Poster, Podium & Video Sessions
Presentation Authors: Mark Henry*, David Howard, Dattatraya Patil, Atlanta, GA, Benjamin Davies, Pittsburgh, PA, Christopher Filson, Atlanta, GA
Introduction: Since the United States Preventative Services Task Force (USPSTF) recommendations against routine prostatic specific antigen (PSA) screening in 2012, PSA testing has declined significantly. We hypothesized that prostate biopsy incidence would mimic this pattern. We characterized trends from 2012-2014, and described factors associated with geographic variation in biopsy use.
Methods: Using Medicare Provider Utilization and Payment data (2012-2014), we captured reimbursements for prostate biopsies (i.e., CPT 55700) performed by physicians performing ≥10 annual biopsies. We calculated annual incidence (i.e., number of biopsies per 1,000 eligible men) across 306 hospital referral regions (HRR). HRR-level factors of interest included % men ≥75 years of age with PSA screening in 2012, % African-Americans, provider density, average hierarchical condition category (HCC) index (for Medicare risk adjustment), and number of male beneficiaries. Multivariable regression adjusted for factors associated with annual incidence of prostate biopsy, and predicted prostate biopsy incidence ratios were generated across all HRRs.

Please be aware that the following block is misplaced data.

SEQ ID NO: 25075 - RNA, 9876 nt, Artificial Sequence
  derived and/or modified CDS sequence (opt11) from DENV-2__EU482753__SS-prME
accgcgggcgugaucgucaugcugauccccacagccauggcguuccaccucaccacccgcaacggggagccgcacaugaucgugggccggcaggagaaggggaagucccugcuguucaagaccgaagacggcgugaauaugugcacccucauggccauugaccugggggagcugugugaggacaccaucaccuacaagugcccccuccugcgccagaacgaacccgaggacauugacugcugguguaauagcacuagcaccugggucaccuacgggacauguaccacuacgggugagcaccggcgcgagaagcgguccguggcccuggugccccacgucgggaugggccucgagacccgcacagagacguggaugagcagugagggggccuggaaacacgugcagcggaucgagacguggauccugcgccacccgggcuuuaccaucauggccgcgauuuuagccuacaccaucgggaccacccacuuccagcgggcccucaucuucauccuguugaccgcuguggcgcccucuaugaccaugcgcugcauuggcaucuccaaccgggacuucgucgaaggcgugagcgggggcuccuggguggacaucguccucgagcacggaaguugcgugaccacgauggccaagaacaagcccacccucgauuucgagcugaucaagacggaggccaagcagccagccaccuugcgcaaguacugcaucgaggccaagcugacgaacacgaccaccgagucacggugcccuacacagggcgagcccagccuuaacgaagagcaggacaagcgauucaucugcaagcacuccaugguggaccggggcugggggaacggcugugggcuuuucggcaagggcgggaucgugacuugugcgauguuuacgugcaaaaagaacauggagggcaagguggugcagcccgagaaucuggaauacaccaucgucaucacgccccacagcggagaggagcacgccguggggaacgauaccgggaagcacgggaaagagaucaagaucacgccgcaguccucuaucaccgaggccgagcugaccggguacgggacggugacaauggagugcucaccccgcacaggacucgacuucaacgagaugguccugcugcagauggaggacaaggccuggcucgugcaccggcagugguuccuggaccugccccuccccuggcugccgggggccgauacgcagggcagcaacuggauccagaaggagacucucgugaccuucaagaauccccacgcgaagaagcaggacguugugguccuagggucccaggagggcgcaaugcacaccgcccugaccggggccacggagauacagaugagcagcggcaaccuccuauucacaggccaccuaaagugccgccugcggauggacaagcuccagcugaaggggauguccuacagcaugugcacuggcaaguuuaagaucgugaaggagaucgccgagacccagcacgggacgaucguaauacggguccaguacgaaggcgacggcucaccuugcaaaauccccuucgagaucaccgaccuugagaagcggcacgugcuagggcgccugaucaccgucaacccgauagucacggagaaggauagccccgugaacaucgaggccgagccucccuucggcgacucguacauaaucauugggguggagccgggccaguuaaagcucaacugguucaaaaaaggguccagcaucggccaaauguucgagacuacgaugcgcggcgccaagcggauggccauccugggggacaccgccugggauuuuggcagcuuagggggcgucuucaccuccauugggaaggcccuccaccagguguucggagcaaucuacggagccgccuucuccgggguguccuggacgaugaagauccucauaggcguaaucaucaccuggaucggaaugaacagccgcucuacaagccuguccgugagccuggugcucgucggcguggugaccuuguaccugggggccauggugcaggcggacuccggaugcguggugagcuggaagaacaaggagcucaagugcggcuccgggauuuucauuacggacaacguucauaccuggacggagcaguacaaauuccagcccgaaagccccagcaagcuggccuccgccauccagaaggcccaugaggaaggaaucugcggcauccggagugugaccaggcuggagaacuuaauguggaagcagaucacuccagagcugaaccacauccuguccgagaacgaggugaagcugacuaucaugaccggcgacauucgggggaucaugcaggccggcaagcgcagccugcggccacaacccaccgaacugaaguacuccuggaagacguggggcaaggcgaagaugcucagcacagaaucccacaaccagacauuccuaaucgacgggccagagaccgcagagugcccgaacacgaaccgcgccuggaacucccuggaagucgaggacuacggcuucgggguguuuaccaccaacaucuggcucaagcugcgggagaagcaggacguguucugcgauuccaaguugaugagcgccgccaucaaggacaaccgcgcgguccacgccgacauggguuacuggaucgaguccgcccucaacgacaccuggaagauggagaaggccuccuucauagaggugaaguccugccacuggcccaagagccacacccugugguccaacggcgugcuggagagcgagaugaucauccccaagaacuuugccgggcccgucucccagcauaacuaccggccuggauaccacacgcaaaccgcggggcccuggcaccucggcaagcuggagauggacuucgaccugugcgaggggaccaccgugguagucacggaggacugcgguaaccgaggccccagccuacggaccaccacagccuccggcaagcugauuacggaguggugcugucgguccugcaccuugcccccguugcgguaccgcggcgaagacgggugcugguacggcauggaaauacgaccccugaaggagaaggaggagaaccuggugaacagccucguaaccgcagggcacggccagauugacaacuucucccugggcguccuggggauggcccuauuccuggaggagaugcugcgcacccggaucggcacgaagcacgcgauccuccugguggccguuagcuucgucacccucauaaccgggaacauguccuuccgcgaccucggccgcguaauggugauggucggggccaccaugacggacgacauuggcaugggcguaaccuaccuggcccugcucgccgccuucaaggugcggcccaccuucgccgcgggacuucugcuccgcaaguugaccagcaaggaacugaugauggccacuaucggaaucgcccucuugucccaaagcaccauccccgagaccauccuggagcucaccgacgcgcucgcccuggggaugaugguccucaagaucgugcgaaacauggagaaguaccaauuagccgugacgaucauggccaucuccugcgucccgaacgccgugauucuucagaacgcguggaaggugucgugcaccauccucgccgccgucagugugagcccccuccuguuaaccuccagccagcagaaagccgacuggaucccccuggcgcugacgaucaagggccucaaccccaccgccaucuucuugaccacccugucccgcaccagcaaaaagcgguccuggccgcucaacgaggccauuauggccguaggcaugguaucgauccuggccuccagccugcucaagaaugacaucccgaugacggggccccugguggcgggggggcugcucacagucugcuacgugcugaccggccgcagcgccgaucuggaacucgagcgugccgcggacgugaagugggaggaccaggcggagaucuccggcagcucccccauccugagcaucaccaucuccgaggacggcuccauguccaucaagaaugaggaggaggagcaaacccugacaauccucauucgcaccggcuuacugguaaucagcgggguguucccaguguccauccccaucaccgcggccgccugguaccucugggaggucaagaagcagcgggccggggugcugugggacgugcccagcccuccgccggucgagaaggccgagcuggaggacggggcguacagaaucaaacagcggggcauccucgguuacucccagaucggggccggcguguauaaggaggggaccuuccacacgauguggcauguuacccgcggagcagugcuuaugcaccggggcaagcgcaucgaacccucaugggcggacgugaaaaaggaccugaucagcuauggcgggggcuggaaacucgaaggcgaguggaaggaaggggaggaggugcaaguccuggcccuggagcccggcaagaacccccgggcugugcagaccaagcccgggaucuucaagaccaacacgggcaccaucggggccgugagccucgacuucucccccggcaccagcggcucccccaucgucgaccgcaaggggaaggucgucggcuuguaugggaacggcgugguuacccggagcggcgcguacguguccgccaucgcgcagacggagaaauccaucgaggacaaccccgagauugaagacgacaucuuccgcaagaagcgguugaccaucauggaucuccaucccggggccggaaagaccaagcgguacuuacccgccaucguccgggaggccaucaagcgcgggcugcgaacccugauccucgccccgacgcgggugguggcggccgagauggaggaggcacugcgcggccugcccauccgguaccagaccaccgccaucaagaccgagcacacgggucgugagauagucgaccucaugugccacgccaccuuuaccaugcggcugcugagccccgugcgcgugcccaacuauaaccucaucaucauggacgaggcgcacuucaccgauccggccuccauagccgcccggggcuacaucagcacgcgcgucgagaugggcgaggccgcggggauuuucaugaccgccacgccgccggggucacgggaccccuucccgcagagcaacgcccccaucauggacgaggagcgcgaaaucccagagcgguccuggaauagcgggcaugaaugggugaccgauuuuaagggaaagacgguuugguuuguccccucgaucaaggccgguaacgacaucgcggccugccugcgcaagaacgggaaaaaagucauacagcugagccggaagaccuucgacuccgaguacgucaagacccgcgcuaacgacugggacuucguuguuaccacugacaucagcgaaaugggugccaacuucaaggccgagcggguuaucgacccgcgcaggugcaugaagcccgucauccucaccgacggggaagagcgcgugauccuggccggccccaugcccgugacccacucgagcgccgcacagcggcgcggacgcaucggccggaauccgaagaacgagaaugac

Results: Overall, we identified 359,698 biopsies performed by physicians, and the annual incidence ratio decreased from 10.95 biopsies/1,000 men in 2012 to 8.74 biopsies/1,000 men in 2014 (p<0.001). In 2014, the strongest associations with incidence of prostate biopsy were seen with % PSA screening (β=+2.25 per 10% screened, p<0.001) and biopsy provider density (β=+2.00 per provider per 1,000 men, p<0.001). There was also a significant associations seen with % African-American population (β=+0.47 per 10% increase, p=0.017) and inverse association with average HCC score (β=-0.07 per 0.01 increase, p=0.006). At the HRR-level in 2014, we noted nearly 40-fold variation across 306 HRRs, from predicted 0.75 to 19.51 biopsies per 1,000 eligible men (Figure, p<0.001)
Conclusions: The incidence of prostate biopsies has decreased in parallel to drops in PSA screening and prostate cancer incidence after 2012. PSA screening and provider density were strongly associated with prostate biopsy incidence, and unmeasured patient and provider-level factors are likely driving considerable geographic variation in the use of prostate biopsy.
Source Of Funding: Emory Urology Research Scholars Grant; Winship Cancer Institute Prostate Cancer Pilot Grant